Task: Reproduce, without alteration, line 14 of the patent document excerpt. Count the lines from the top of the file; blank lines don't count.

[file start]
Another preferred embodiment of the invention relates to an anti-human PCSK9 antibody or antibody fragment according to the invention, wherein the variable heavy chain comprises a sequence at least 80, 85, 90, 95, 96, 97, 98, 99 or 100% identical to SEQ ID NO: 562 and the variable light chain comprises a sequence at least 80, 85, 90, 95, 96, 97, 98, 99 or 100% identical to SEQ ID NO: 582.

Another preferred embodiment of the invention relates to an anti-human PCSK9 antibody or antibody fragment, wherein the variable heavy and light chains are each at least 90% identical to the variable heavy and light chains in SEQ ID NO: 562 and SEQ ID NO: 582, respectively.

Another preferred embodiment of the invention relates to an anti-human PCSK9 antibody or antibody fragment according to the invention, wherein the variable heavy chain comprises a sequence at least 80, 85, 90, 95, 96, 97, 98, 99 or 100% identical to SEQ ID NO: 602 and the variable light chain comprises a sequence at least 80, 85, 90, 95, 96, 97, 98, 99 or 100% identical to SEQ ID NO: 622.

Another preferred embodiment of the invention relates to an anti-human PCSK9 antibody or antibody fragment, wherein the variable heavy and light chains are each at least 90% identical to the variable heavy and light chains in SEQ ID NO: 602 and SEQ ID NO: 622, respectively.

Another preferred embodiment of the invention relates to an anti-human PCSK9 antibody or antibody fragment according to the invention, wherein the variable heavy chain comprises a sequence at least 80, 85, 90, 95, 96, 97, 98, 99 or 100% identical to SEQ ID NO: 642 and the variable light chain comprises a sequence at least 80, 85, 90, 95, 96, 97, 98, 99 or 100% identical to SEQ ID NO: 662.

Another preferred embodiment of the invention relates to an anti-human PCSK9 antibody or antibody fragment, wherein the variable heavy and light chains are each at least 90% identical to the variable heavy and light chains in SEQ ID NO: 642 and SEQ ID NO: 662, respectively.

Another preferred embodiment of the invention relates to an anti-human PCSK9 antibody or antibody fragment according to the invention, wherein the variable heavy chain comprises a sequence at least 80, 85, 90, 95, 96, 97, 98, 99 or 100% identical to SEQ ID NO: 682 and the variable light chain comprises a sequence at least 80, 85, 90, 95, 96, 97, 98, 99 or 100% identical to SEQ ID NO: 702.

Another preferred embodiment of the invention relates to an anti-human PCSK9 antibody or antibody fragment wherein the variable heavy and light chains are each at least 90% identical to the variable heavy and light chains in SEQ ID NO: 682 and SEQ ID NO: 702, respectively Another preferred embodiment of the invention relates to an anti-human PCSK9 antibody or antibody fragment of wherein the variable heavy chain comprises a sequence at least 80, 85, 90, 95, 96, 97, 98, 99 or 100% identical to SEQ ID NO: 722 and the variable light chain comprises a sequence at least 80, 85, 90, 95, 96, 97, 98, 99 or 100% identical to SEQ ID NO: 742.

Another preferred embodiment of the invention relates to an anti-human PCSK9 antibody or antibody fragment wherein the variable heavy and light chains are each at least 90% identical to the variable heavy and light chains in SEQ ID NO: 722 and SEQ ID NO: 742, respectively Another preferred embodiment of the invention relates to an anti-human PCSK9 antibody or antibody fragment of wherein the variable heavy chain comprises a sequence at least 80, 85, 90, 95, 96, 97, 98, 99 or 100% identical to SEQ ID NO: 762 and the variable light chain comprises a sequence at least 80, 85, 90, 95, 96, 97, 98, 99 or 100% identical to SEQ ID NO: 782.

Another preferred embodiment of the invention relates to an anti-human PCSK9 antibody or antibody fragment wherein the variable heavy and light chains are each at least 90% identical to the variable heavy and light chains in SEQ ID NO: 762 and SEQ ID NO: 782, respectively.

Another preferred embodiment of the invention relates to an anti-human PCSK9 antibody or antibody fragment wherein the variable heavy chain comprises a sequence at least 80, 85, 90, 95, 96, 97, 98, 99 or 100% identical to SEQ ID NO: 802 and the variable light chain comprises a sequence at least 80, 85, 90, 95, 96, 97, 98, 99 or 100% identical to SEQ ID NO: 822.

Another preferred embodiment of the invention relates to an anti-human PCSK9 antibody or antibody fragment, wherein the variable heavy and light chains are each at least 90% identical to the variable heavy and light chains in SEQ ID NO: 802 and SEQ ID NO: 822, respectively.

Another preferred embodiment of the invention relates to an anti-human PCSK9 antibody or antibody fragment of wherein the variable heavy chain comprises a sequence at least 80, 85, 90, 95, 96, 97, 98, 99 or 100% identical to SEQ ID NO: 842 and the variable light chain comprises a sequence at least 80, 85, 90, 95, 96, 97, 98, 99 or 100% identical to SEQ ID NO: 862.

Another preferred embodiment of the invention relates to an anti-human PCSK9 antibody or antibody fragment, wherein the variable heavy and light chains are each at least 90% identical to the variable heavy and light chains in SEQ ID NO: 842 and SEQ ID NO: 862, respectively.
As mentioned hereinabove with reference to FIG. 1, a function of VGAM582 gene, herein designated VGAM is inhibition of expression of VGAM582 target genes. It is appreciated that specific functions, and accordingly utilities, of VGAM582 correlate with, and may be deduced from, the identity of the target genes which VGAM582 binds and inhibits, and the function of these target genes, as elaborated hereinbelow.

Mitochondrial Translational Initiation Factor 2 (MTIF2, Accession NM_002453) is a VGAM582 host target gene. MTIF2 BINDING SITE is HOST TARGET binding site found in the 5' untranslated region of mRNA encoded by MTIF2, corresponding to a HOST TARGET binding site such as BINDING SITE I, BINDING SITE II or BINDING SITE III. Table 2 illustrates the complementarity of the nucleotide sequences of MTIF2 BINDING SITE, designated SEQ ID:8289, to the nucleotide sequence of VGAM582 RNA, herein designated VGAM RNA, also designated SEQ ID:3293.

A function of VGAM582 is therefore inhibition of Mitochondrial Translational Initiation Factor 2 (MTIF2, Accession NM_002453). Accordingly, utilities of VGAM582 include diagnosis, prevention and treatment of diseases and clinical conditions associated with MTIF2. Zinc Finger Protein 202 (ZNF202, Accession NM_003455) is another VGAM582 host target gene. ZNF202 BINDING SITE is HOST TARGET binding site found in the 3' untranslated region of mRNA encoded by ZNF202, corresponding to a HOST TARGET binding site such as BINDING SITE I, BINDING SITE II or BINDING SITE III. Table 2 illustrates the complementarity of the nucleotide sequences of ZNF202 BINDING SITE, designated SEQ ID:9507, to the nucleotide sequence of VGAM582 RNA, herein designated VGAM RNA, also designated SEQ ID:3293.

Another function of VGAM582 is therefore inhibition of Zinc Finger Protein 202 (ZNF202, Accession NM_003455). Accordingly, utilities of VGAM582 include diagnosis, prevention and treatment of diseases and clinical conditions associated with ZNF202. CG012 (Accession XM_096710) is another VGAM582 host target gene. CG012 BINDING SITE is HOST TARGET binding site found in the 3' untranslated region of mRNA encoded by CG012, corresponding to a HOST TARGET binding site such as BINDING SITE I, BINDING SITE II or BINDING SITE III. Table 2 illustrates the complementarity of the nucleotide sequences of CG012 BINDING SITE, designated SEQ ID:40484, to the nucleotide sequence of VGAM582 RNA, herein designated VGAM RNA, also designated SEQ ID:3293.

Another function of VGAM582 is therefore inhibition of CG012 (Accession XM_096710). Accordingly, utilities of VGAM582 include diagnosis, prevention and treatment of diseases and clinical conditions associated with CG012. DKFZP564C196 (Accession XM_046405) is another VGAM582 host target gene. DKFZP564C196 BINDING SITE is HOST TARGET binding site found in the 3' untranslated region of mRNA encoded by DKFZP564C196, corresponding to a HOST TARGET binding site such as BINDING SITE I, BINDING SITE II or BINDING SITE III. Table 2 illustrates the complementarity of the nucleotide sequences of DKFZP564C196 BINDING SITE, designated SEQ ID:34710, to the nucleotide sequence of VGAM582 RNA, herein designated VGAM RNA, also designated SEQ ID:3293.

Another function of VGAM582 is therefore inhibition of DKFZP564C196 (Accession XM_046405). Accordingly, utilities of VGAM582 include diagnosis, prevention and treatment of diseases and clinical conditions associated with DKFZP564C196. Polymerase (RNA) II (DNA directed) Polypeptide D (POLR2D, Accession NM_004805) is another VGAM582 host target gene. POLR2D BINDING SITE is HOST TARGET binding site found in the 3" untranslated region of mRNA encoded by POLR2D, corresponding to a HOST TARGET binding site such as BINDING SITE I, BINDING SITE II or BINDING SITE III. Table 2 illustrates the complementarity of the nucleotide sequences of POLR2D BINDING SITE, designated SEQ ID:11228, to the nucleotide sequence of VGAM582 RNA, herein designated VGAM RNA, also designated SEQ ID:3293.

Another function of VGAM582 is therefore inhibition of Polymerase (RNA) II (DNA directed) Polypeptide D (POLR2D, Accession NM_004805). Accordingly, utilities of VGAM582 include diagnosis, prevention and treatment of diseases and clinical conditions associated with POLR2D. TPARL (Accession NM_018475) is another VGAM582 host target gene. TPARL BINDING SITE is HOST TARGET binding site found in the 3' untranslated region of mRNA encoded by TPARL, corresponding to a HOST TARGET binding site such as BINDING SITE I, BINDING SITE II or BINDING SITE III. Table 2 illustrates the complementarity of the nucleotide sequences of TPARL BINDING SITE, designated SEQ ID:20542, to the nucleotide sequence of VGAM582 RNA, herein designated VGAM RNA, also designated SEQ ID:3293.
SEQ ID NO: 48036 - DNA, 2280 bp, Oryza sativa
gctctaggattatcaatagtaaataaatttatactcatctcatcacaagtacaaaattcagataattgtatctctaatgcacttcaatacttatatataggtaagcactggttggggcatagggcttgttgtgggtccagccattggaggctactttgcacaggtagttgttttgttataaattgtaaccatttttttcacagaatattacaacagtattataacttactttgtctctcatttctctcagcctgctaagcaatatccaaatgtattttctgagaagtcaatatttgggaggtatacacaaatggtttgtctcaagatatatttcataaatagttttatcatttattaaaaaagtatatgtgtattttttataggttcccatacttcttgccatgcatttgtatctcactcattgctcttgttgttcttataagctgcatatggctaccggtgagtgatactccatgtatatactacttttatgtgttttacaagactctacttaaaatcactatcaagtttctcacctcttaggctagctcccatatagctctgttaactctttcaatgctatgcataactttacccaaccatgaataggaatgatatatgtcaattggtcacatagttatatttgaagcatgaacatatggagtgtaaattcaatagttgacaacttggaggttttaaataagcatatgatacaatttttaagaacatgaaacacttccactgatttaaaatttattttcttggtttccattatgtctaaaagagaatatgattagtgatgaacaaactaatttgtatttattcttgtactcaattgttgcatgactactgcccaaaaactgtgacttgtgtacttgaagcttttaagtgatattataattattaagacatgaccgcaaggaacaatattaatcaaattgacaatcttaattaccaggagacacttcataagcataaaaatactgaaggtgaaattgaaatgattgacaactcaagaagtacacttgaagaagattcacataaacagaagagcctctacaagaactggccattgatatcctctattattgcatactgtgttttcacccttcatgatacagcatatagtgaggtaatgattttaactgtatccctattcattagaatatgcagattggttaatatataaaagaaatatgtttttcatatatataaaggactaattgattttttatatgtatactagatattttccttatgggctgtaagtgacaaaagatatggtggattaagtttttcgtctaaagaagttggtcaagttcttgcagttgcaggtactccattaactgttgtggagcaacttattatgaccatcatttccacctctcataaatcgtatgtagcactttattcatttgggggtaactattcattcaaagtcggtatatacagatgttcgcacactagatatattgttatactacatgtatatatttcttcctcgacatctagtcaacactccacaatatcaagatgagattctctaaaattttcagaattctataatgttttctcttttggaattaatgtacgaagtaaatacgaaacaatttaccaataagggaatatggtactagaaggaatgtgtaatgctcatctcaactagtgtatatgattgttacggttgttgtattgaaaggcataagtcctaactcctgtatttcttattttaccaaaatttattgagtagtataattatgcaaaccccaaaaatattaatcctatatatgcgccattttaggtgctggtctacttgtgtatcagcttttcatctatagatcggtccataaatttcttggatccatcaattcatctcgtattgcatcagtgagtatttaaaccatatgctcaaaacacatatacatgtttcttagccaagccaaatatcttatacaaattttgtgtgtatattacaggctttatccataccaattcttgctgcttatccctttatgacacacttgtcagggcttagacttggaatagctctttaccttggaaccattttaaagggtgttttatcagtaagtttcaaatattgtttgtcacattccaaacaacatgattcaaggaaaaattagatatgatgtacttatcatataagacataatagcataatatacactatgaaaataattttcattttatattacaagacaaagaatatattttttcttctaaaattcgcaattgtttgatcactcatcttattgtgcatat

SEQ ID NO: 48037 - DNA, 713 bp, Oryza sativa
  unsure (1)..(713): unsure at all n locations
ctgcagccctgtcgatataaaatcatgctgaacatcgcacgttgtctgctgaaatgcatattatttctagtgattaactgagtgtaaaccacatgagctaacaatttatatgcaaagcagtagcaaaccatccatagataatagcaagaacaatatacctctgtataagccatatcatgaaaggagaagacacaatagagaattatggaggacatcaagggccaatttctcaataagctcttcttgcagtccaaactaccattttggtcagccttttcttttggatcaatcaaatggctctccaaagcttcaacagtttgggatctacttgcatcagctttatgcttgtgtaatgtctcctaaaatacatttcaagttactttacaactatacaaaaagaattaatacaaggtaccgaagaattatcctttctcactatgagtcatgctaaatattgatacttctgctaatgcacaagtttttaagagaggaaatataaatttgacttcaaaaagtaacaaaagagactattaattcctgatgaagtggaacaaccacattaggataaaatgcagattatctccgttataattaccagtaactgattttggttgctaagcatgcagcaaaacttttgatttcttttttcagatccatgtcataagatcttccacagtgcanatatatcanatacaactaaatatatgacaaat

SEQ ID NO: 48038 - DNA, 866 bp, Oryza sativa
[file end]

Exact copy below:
Another preferred embodiment of the invention relates to an anti-human PCSK9 antibody or antibody fragment, wherein the variable heavy and light chains are each at least 90% identical to the variable heavy and light chains in SEQ ID NO: 842 and SEQ ID NO: 862, respectively.